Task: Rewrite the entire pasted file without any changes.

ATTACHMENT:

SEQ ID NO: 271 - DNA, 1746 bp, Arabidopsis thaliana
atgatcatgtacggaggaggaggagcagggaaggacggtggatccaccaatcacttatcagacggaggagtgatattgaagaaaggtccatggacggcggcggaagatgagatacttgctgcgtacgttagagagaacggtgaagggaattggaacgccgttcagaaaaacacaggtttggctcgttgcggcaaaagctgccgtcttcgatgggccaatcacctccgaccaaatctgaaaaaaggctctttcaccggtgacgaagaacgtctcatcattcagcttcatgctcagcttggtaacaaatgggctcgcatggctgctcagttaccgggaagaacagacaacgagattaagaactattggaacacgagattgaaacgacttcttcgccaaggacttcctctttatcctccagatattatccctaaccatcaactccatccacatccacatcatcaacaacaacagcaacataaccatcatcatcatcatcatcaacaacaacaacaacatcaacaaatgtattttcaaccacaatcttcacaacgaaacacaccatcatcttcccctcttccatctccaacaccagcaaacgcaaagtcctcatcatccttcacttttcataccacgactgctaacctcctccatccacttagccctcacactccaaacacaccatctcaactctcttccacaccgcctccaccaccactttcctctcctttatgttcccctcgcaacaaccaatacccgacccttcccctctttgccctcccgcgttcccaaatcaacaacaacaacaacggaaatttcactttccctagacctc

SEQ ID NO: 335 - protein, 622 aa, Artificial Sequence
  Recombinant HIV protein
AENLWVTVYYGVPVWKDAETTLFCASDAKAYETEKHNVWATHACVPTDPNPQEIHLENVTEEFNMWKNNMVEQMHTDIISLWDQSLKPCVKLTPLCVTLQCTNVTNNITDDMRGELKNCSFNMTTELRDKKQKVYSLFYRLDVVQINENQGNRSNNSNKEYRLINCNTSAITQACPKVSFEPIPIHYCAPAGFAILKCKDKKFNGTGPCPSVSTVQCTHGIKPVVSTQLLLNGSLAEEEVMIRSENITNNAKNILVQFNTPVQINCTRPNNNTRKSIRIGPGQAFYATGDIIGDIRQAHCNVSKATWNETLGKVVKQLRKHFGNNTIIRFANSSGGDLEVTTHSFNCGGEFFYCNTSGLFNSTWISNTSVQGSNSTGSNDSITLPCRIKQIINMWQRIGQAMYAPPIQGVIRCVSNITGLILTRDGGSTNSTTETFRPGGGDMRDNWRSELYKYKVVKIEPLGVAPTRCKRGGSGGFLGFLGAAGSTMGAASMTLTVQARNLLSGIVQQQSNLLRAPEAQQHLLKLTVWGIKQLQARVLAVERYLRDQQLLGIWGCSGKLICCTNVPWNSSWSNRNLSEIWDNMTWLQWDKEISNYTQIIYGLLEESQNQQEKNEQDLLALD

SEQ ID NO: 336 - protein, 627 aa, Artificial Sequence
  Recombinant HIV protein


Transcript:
SEQ ID NO: 271 - DNA, 1746 bp, Arabidopsis thaliana
atgatcatgtacggaggaggaggagcagggaaggacggtggatccaccaatcacttatcagacggaggagtgatattgaagaaaggtccatggacggcggcggaagatgagatacttgctgcgtacgttagagagaacggtgaagggaattggaacgccgttcagaaaaacacaggtttggctcgttgcggcaaaagctgccgtcttcgatgggccaatcacctccgaccaaatctgaaaaaaggctctttcaccggtgacgaagaacgtctcatcattcagcttcatgctcagcttggtaacaaatgggctcgcatggctgctcagttaccgggaagaacagacaacgagattaagaactattggaacacgagattgaaacgacttcttcgccaaggacttcctctttatcctccagatattatccctaaccatcaactccatccacatccacatcatcaacaacaacagcaacataaccatcatcatcatcatcatcaacaacaacaacaacatcaacaaatgtattttcaaccacaatcttcacaacgaaacacaccatcatcttcccctcttccatctccaacaccagcaaacgcaaagtcctcatcatccttcacttttcataccacgactgctaacctcctccatccacttagccctcacactccaaacacaccatctcaactctcttccacaccgcctccaccaccactttcctctcctttatgttcccctcgcaacaaccaatacccgacccttcccctctttgccctcccgcgttcccaaatcaacaacaacaacaacggaaatttcactttccctagacctc

SEQ ID NO: 335 - protein, 622 aa, Artificial Sequence
  Recombinant HIV protein
AENLWVTVYYGVPVWKDAETTLFCASDAKAYETEKHNVWATHACVPTDPNPQEIHLENVTEEFNMWKNNMVEQMHTDIISLWDQSLKPCVKLTPLCVTLQCTNVTNNITDDMRGELKNCSFNMTTELRDKKQKVYSLFYRLDVVQINENQGNRSNNSNKEYRLINCNTSAITQACPKVSFEPIPIHYCAPAGFAILKCKDKKFNGTGPCPSVSTVQCTHGIKPVVSTQLLLNGSLAEEEVMIRSENITNNAKNILVQFNTPVQINCTRPNNNTRKSIRIGPGQAFYATGDIIGDIRQAHCNVSKATWNETLGKVVKQLRKHFGNNTIIRFANSSGGDLEVTTHSFNCGGEFFYCNTSGLFNSTWISNTSVQGSNSTGSNDSITLPCRIKQIINMWQRIGQAMYAPPIQGVIRCVSNITGLILTRDGGSTNSTTETFRPGGGDMRDNWRSELYKYKVVKIEPLGVAPTRCKRGGSGGFLGFLGAAGSTMGAASMTLTVQARNLLSGIVQQQSNLLRAPEAQQHLLKLTVWGIKQLQARVLAVERYLRDQQLLGIWGCSGKLICCTNVPWNSSWSNRNLSEIWDNMTWLQWDKEISNYTQIIYGLLEESQNQQEKNEQDLLALD

SEQ ID NO: 336 - protein, 627 aa, Artificial Sequence
  Recombinant HIV protein